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Prodigal

I shiver uncomfortably. The long, heavy crocheted blanket keeps slipping off of my lap and pools onto the floor. I grab at it hopelessly and finally give up the pursuit. Shiver I must, and if I must, I will with all my might and main.

The nurse sobs quietly in the corner, kneeling down, mumbling, incomprehensible and inert. It’s hard to think with the undercurrent of her weeping pervading the silence.

The room feels too spacious and empty, too cold and dark and whispery. There’s not enough light to combat the distant, malevolent shadows closing in on me. The windows let in a cool, impersonal glow, sharply cutting across the paneled floor. I’d rather no light at all. It does nothing to comfort me. I toy with the thought of starting a fire, but the fireplace lords itself so imposingly on the far side of the room that I lose my courage. Better to sit and freeze than to cross the seeming miles to the gaping mouth littered with ashen remains.

I rub my nose ruefully. It’s like someone stuck a slab of ice on my face.

Finally, the welcome sound of the creaking door that I’ve waited forever to hear. I hastily stumble, flinging the wrappings from my booted feet. Looking up I see the doctor. His small eyes seemed buried in layers of crinkly wrinkles and his bushy eyebrows insult the name of eyebrows. More like eye bushes. In perturbed and harangued shock he takes me in.

“I came as soon as the nurse telephoned. The roads are ice…what are you doing here?”

I gulp. “The nurse ‘phoned me, and I came. Please—she’s really in a horrible condition.”

“So you hear,” the doctor eyes me with maniacal hatred. “You didn’t even re-light the fire in your mother’s room?”
“N—no. I…” I hadn’t even realized the receding frame of light from the doorway.
He furtively stares at the distant door. He refuses to meet my eyes.


“I’ve seen cases of this flu ever since winter began. It’s been brutal. Son, I don’t know if I can save her. It all depends.”

“On what?”

He meets my eyes squarely. “On her will to live.”

I gulp a second time and it’s my turn to avoid his blatant stare. I have not seen her, for the meeting will be too painful to bear. Her thoughts must be of severe loathing of the hottest type, a fire sustaining her waxing life for this long. I wonder desperately if my guilt will ever lessen.

I wake from my melancholy thoughts and become aware that the doctor is no longer beside me, aware of the stinging cold and his muffled ministrations in the next room. I sit again. There’s nothing to do but wait, to sit and hope against all logic and reason that her death can be averted. I lie down and bang my head painfully on the bench. Better to sleep now when there’s nothing for me to do than to be tired later at the crisis.

I wake to violent, frenzied shakings. I cry out as pain stabs my cold, stiff body.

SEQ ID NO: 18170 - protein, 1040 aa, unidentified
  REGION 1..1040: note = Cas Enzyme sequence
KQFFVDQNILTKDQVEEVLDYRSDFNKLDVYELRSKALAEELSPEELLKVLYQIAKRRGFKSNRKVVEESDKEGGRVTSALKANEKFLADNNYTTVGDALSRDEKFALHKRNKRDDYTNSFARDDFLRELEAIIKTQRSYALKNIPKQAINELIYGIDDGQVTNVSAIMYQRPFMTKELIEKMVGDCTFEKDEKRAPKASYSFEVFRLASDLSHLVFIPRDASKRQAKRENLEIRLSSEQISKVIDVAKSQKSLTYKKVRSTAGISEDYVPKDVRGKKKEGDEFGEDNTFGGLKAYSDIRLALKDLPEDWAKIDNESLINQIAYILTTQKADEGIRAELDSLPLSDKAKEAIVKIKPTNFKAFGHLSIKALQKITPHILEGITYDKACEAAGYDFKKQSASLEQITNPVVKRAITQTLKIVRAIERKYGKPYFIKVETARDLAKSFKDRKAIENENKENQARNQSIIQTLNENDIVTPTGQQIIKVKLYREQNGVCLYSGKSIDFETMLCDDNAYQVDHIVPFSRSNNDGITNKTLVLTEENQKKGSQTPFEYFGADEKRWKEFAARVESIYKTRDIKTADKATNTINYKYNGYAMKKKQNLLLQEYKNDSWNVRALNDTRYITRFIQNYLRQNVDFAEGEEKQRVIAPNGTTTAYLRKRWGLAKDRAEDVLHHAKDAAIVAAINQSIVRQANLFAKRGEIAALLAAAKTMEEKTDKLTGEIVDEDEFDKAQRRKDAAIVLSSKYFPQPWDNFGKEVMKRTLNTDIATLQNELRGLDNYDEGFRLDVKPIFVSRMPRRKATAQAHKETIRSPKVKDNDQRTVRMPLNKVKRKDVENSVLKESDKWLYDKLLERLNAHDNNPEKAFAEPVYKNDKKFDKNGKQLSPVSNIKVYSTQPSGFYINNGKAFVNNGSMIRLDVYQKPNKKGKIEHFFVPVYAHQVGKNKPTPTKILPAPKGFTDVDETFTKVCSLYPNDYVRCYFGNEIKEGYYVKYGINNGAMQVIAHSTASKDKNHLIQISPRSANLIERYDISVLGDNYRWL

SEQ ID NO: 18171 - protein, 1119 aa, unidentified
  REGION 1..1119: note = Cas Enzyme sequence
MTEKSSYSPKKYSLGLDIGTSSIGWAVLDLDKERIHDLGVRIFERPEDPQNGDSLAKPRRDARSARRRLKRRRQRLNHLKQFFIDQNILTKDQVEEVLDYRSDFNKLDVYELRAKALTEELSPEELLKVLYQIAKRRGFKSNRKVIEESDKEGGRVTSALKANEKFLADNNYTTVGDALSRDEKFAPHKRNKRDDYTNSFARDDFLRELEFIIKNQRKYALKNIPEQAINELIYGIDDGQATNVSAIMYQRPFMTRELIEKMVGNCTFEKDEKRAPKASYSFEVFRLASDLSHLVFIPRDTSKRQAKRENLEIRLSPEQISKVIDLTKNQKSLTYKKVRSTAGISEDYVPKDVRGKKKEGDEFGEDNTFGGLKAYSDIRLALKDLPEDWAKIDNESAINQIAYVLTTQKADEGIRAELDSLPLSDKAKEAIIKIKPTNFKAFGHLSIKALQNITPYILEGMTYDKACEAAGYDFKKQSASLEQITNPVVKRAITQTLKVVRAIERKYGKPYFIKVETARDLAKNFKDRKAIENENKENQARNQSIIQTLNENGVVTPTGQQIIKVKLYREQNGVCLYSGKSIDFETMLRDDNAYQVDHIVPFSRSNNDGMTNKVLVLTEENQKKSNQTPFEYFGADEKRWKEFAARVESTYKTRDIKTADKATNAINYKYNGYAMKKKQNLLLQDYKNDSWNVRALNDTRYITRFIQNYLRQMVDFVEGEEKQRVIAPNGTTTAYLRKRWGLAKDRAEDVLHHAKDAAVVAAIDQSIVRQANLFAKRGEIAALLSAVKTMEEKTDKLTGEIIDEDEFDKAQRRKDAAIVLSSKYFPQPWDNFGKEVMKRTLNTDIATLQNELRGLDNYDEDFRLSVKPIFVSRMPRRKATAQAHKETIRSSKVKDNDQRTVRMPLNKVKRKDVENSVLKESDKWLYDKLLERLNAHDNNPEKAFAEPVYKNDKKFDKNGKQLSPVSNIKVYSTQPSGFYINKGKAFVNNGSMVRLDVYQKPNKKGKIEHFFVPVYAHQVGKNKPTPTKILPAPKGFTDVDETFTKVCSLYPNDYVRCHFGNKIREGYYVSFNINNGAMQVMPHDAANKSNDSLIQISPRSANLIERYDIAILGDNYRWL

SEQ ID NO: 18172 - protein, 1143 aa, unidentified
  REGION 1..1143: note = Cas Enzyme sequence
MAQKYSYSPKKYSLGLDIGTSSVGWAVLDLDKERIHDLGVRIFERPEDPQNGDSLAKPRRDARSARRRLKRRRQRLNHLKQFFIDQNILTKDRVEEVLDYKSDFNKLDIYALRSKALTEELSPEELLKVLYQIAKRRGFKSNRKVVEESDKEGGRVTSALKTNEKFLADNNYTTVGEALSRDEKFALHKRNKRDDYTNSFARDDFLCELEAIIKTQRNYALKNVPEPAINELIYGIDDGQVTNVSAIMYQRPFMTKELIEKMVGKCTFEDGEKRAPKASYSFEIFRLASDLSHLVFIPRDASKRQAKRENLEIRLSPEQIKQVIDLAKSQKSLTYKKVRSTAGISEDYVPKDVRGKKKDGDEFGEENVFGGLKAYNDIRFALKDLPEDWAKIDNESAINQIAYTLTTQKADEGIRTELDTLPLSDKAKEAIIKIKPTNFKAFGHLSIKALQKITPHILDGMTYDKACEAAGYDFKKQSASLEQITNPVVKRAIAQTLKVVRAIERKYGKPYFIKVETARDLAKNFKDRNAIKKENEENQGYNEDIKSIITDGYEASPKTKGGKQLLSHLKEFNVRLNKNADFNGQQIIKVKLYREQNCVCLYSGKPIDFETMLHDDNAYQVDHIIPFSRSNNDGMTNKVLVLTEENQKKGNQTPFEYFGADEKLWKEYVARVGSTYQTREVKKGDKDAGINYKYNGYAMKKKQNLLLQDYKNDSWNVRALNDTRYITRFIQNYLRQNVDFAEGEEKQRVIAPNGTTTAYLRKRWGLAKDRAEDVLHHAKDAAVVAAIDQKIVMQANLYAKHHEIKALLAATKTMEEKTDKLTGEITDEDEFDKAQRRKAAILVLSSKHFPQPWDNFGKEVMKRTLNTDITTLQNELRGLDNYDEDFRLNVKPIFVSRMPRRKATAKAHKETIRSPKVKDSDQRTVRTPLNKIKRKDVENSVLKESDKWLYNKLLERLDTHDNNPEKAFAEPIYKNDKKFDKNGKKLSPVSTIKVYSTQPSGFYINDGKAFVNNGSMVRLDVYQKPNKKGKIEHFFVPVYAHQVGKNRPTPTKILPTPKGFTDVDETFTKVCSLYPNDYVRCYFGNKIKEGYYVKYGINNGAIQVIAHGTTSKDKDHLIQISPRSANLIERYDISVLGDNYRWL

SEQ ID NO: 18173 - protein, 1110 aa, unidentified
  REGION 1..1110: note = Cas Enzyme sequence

“Up,” he commands. My eyes swim into focus. The doctor.

“Wha—how long have I been asleep?” I mumble.

The doctor pulls me up and I wince. “Too long. There’s little time.”

He propels me to the sick room and feeble light frames the doorway. I hesitate. Do I really want to go in there? No, no. I want to run into the frozen night, away from sick women and harried doctors, away from the small town I petulantly ran from long ago. But I take small, inching steps toward the door and grasp the knob almost fearfully. I may be a coward, but better to face the dying woman than the furious, disapproving eyes of the town’s members.

I shuffle in. The low bed contains a skeleton of a woman. Her swooping cheekbones and dark marks under her eyes betray her disease; stringy clots of hair fan over the pillow. Her watery eyes are crusted with mucus. She can hardly open them. In pained fever she moans weakly and snuggles under the piled quilts, biting her white lips, shivering violently.

I have a second impulse to flee but again the doctor pushes me further in with force that send me flying into the bedstead. I bang my knee and cry out. She wakens and tries to focus her eyes but I can tell she doesn’t see me.

“Hello,” I breathe with immeasurable awkwardness.

“Ugghh,” she grunts. She lifts a white claw almost imperceptibly and beckons me forward. I approach in irrational fear.

“Wh-wh—who—is it you?” she whispers.

“Yes,” I say and bend toward the sunken face; despite my fear, I softly press my lips against her forehead.

She pronounces failing syllables with the last of her strength. “My s—son is home. And safe…” She lifts her revitalized eyes to my face searchingly, as if trying to take me in for the last time. I look away as she dies, wondering at the perpetual love she fostered for me, gaping in the raw pain, and the realization of its sudden lack.




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